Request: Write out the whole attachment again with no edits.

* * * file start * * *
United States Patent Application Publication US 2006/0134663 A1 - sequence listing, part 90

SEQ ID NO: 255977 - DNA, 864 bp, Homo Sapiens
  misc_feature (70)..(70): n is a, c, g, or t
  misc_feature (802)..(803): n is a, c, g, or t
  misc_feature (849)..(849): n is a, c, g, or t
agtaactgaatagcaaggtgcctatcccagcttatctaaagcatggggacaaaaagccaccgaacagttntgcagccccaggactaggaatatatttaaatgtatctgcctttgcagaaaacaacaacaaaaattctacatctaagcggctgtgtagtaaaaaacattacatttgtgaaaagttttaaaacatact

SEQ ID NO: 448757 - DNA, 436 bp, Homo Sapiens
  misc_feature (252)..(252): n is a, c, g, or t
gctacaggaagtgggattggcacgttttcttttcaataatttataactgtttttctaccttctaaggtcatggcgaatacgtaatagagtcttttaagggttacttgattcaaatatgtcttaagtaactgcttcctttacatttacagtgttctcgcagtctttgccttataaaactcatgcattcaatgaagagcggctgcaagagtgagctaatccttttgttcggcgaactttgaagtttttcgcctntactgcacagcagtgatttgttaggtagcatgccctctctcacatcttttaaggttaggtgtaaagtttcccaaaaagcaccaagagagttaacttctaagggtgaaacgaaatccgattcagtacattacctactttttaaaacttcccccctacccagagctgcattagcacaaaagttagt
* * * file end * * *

United States Patent Application Publication US 2006/0134663 A1 - sequence listing, part 90

SEQ ID NO: 255977 - DNA, 864 bp, Homo Sapiens
  misc_feature (70)..(70): n is a, c, g, or t
  misc_feature (802)..(803): n is a, c, g, or t
  misc_feature (849)..(849): n is a, c, g, or t
agtaactgaatagcaaggtgcctatcccagcttatctaaagcatggggacaaaaagccaccgaacagttntgcagccccaggactaggaatatatttaaatgtatctgcctttgcagaaaacaacaacaaaaattctacatctaagcggctgtgtagtaaaaaacattacatttgtgaaaagttttaaaacatact

SEQ ID NO: 448757 - DNA, 436 bp, Homo Sapiens
  misc_feature (252)..(252): n is a, c, g, or t
gctacaggaagtgggattggcacgttttcttttcaataatttataactgtttttctaccttctaaggtcatggcgaatacgtaatagagtcttttaagggttacttgattcaaatatgtcttaagtaactgcttcctttacatttacagtgttctcgcagtctttgccttataaaactcatgcattcaatgaagagcggctgcaagagtgagctaatccttttgttcggcgaactttgaagtttttcgcctntactgcacagcagtgatttgttaggtagcatgccctctctcacatcttttaaggttaggtgtaaagtttcccaaaaagcaccaagagagttaacttctaagggtgaaacgaaatccgattcagtacattacctactttttaaaacttcccccctacccagagctgcattagcacaaaagttagt